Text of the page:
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The latest issue of the Workplace Review (Volume 9 Part 2) contains the following material:
EDITORIAL – General Editor: Jeffrey Phillips SC
Nine years since the Paid Parental Leave Act 2010 (Cth) (PPLA) established a long overdue national paid parental leave scheme, Australia continues to play catch-up with other high-income countries. Despite being hailed a “significant social policy innovation with broad-ranging objectives”, the PPLA’s objectives have remained aspirational with the infrastructure created by the legislation inadequate for actually achieving the objectives. This is particularly apparent when considering the low uptake of parental leave entitlements available to males. “Dad and Partner Pay” (DAPP) entitlements have failed dismally with respect to families with newborns. The deeply personal and complex decision to take parental leave is simplified when the mechanics of DAPP are set up in a way that discourages its use. This article identifies the PPLA’s and DAPP’s flaws by exploring the limited options currently available to Australian males, and looks to the operation of public parental leave schemes with strong male participation in foreign jurisdictions for possible solutions.
The Death of Reasonable Notice? – Rick Manuel
The South Australian decision of Kuczmarski v Ascot Administration Pty Ltd appeared to suggest that the common law implication that parties to a contract of employment are required to provide reasonable notice when ending their relationship (if the contract is silent on notice) might be supplanted by operation of s 117 of the Fair Work Act 2009 (Cth), with its stipulated minimum standard of notice. However, remarks by White J in the 2018 Federal Court case of Heldberg v Rand Transport (1986) Pty Ltd suggest that various considerations, including authority and the relative inviolability of common law rights, mean the implied term requiring reasonable notice has not yet run its course.
The recent Full Federal Court decision of Auimatagi v Australian Building and Construction Commissioner emphasises the importance of determining who employs a person when that person walks off a job – in order to determine if their acts constitute unprotected industrial action. When a union official encouraged the employees of several subcontractors engaged by a construction company to refuse to go back to work, the Australian Building and Construction Commissioner (ABCC) sought penalties against him for engaging in “adverse action” against the construction company. The primary judge agreed with the ABCC, fining both the official and the union the maximum penalty. The Full Federal Court upheld the appeal, affirming that, sometimes, “walking off the job” will not be industrial action when workers are not “employees”. The construction company did not employ the persons who walked off the job and, as such, it was impossible for the workers to engage in “adverse action” in the form of “industrial action” against the company.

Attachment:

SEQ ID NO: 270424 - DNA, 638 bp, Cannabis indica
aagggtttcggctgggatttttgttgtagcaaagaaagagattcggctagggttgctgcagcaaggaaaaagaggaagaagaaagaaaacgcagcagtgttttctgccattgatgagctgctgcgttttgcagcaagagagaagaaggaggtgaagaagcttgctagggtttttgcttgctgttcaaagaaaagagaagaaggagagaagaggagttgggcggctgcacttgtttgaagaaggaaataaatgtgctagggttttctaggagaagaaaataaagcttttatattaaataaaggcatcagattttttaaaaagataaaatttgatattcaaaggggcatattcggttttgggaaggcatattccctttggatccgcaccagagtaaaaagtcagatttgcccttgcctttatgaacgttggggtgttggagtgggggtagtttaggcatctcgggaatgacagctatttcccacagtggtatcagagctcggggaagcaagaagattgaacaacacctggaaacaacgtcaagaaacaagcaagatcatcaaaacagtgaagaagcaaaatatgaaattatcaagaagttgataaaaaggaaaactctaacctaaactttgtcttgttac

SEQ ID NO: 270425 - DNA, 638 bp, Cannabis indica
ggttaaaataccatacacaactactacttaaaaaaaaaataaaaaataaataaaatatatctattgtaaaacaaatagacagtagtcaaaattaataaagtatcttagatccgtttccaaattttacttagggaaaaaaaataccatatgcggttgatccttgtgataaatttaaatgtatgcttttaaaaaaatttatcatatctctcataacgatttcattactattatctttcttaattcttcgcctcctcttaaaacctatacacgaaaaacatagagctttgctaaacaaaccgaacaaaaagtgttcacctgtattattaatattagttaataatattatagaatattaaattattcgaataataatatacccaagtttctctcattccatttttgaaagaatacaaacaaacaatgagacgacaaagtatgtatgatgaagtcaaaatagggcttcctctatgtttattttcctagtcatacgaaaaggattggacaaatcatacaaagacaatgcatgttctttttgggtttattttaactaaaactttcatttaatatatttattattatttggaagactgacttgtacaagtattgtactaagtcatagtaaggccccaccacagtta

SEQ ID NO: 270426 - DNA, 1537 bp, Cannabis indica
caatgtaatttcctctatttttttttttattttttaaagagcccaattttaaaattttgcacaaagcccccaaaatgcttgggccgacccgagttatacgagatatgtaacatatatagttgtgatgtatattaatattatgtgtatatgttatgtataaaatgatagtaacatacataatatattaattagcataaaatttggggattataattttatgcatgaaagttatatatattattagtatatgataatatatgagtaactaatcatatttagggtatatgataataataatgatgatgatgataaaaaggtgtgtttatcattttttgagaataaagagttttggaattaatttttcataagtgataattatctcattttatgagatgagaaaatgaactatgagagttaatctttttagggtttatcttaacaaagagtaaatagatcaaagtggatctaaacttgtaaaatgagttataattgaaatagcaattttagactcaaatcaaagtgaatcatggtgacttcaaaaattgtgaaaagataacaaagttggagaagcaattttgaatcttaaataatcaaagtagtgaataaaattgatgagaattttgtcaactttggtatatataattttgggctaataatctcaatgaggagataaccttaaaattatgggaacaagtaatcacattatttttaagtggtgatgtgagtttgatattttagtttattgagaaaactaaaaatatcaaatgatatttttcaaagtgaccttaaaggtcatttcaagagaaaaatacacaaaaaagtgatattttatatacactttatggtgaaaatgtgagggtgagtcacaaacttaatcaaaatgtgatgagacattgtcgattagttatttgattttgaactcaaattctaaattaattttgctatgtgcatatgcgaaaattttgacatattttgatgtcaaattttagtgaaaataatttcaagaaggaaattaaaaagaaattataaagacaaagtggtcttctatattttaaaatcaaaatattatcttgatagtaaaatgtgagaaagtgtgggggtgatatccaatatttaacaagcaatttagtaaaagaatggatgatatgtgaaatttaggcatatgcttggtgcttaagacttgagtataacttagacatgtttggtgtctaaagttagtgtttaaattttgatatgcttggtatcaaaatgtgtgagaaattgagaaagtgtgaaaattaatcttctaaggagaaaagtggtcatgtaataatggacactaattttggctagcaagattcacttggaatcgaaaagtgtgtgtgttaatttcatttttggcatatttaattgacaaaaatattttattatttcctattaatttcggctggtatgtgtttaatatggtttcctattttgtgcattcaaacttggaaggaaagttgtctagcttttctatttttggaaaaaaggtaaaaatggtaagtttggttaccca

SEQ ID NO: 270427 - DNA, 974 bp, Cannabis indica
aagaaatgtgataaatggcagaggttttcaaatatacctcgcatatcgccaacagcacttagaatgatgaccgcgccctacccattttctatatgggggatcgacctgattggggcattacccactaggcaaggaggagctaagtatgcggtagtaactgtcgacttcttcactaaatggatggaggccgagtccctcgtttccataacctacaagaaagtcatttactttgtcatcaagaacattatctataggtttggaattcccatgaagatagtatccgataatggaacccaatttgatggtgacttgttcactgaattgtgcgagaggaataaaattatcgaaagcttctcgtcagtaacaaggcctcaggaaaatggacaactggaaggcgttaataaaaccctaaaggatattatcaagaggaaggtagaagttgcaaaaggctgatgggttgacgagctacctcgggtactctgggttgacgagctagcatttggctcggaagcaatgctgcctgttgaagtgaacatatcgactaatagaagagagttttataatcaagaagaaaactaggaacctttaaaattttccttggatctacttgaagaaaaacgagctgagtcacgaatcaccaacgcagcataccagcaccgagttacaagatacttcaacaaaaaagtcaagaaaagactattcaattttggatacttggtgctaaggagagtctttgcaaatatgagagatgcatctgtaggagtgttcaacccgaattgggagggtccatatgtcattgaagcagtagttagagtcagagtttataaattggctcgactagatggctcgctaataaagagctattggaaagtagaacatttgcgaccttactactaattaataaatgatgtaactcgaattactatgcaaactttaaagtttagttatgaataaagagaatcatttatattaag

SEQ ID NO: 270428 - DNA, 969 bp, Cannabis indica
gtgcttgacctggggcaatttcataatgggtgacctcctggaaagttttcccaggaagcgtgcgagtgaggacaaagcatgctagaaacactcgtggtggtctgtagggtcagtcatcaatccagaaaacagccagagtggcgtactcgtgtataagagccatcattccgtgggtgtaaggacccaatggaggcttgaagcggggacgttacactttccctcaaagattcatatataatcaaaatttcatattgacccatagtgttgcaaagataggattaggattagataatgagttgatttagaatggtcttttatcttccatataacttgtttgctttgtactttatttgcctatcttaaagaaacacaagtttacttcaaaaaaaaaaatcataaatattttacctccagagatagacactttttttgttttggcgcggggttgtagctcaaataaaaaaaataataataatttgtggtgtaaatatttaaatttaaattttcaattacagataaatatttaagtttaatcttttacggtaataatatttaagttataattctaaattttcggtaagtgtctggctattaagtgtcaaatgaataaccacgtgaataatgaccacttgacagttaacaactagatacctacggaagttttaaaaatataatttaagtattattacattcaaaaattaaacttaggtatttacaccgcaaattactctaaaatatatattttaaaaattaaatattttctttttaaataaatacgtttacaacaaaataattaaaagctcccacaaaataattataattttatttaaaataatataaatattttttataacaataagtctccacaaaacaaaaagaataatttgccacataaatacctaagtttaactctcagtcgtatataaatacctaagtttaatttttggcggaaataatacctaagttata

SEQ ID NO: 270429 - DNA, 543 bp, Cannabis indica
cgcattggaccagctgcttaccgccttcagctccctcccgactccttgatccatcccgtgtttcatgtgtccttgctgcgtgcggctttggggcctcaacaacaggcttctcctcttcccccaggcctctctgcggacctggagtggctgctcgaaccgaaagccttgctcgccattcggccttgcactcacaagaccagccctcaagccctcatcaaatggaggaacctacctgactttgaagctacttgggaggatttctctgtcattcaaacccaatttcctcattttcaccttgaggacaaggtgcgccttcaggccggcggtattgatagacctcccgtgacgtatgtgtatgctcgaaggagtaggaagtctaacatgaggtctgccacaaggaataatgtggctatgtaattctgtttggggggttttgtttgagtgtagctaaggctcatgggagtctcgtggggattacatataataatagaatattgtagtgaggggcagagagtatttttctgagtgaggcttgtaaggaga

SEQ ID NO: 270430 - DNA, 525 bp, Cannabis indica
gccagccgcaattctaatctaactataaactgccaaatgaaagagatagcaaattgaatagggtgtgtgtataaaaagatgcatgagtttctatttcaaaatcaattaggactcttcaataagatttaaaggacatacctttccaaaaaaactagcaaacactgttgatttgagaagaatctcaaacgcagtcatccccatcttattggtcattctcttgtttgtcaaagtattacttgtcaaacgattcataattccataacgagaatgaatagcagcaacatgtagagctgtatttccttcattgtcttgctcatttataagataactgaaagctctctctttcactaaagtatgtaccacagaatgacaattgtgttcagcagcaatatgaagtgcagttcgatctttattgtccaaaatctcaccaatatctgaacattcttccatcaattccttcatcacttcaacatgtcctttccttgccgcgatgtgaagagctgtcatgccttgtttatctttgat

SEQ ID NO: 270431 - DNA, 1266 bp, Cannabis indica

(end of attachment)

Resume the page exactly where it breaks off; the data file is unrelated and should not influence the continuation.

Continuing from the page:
Australians are increasingly living and working in a “gig economy”, where “gigs” – piecemeal contract work and freelancing – are on the rise, and stable full-time employment is in decline. This article looks at recent test litigation surrounding Foodora, including Klooger v Foodora Australia Pty Ltd, as part of an analysis of whether the safety net provided by the minimum entitlements in the Fair Work Act 2009 (Cth) needs to be reinforced to prevent the exploitation of vulnerable workers. It will be argued that the common law test for distinguishing between employees and independent contractors does not neatly lend itself to some gig-work relationships. Further, it will be proposed that several specific legislative amendments are necessary in order to ensure that Australian workers are adequately protected, including the removal of unwarranted barriers to collective bargaining, and the simplification and clarification of the sham contracting provisions.
Nearly a Century of Workers Compensation in New South Wales – Judge Gerard Phillips
The new President of the Workers Compensation Commission of New South Wales, Judge Gerard Phillips, delivered this speech to the Annual Seminar in Sydney, 22 February 2019, of the Workers Compensation Independent Review Office (WIRO).
The New Judicial Review – Legal Unreasonableness – Mark Robinson SC and Dr Simon Blount
The doctrine of proportionality might offer a principled approach to the exercise of the enlarged jurisdiction of Australian superior courts to inquire into the substance of administrative decisions.
- “We’ll Keep Challenging the System”: United Voice National Secretary, Jo-anne Schofield – Craig Ryan
- Vale George Polites: A Man for All Seasons – Paul Munro
- Miscellany of the Legal World – Jeffrey Phillips SC
For the PDF version of the table of contents, click here: WR Vol 9 No 2 Contents.
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